|Ivan Boesky doing his "Perp Walk"|
One of the most serious allegations against Michael Arlen Davis relating to his systematic violations of Federal securities laws is his "parking" of shares with Rudolph Steiner Foundation (RSF).
RSF is Cyanotech's second largest shareholder with a current 16.5% stake - and it never paid a cent for any of those shares. Every single share of Cyanotech stock was paid for and placed into RSF's hands by Michael Arlen Davis. It is believed that Michael Arlen Davis "parked" shares with RSF in order to avoid the ownership limitations imposed by Section 4943 of the Internal Revenue Code.
"Stock Parking as a Violation of 13(d). The "parking of shares" can give rise to a violation of §13(d). In the typical stock parking arrangement, one trader will agree to buy shares of a publicly traded company on the open market and to hold these shares for the benefit of another trader, whose identity can then be concealed from other market participants...These arrangements to "park shares" in the account of another trading professional allow the beneficial owner to carve up ownership of the company's stock in order to avoid the disclosure requirements of §13(d)...Parking violations were made famous in the 1980s as a result of the SEC's prosecution of Ivan Boesky; as described in more detail in the next chapter, this investigation ultimately led to the downfall of Michael Milken and his firm, Drexel Burnham Lambert."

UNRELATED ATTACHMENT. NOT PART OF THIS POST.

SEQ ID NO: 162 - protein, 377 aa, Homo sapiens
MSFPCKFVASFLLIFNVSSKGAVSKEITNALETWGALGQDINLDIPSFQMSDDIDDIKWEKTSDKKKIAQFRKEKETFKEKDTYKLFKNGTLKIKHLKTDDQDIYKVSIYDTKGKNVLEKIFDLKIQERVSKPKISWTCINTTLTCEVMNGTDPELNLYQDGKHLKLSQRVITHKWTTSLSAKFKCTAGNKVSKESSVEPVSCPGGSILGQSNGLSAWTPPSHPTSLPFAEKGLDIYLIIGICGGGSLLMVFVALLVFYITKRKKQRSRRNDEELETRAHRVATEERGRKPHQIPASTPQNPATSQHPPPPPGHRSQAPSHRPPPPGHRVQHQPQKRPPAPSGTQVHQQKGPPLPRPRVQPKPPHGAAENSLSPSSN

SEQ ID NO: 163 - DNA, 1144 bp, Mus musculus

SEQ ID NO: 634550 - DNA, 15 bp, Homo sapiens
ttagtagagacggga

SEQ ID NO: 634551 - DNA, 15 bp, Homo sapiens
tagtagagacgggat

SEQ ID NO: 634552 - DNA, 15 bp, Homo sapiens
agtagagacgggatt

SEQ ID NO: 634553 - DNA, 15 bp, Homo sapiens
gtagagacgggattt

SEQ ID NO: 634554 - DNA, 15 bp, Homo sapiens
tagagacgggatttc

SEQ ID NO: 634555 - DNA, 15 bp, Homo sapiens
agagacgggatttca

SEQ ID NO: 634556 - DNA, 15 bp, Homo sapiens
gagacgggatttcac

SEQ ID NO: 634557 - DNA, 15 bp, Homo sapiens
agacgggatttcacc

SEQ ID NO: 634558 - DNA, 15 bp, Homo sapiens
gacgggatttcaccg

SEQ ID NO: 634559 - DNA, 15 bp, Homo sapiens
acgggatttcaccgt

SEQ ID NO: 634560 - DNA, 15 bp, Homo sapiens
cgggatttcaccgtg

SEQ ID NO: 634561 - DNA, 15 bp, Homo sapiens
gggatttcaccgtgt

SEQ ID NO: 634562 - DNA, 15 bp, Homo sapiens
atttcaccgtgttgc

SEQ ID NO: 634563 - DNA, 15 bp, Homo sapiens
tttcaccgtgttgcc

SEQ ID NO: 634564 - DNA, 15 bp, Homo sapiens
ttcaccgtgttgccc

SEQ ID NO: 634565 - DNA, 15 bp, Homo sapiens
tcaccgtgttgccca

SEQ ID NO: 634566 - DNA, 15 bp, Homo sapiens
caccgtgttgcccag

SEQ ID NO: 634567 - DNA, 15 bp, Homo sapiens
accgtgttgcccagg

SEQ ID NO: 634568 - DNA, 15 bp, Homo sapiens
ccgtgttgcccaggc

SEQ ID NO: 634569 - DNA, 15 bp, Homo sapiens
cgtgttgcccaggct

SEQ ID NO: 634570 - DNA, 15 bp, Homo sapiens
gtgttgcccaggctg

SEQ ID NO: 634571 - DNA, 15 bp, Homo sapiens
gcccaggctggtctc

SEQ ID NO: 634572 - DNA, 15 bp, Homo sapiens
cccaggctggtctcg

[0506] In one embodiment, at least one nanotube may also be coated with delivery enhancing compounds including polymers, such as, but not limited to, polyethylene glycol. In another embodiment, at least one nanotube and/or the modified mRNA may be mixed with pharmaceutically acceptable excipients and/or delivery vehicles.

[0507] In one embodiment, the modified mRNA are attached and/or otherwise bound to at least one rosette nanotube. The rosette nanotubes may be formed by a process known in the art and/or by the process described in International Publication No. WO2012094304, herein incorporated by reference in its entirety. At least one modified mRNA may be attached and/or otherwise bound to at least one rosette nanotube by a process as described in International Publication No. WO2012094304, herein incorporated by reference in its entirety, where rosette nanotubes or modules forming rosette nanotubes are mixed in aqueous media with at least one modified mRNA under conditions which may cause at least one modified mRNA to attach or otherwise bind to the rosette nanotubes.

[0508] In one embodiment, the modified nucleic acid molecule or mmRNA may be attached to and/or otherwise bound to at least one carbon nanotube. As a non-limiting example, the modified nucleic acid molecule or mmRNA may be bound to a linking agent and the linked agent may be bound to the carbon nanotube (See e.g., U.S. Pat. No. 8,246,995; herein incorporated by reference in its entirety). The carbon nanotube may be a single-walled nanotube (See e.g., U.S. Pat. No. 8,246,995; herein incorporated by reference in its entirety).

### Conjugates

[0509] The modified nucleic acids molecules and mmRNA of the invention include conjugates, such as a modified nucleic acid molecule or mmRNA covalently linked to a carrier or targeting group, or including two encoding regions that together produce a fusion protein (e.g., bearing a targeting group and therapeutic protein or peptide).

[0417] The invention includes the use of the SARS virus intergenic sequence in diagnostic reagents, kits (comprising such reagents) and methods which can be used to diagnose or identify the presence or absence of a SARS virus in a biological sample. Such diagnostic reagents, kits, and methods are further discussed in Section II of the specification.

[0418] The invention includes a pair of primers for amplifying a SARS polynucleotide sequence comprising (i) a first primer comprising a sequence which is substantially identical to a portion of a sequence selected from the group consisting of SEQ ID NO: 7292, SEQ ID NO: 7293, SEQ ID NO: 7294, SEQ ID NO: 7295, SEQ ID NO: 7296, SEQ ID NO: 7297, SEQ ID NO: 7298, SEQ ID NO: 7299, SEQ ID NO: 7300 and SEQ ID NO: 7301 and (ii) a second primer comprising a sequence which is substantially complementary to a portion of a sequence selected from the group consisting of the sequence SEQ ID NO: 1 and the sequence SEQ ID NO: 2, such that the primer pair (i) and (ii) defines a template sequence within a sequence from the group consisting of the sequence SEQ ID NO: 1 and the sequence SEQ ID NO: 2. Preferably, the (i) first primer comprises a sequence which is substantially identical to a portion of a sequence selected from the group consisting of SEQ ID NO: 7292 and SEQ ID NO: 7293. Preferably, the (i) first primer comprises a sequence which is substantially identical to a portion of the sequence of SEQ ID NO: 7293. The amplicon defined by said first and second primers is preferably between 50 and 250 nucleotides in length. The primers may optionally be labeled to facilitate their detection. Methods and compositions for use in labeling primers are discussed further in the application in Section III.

A 1998 New York Times article reporting on the government's case against Boesky explained how Boesky (in the same manner as Michael A. Davis with RSF) used others to conceal the true extent of his stock holdings in companies
"People familiar with the case said yesterday that the investigation was tied to a case last year in which Michael Davidoff, former head trader at Seemala, pleaded guilty to securities fraud. In his plea, Mr. Davidoff said he had reached a ''secret agreement'' with officials at Seligmann Harris to ''park'' stocks. Stock parking involves secretly transferring securities to another entity to evade restrictions on holdings."
A 1997 Washington Post article provided further details on the scheme and the illegal practice of "parking":
"Stock parking is a technique used to conceal ownership of shares. By parking -- or placing shares with others -- Davidoff helped Boesky conceal that he was buying stock."
As a result of his illegal activities, Boesky received a prison sentence of 3 1⁄2 years and was fined $100 million. Boesky was permanently barred from working in securities. The full story was detailed in James B. Stewart's book Den of Thieves. Click on image below for more information: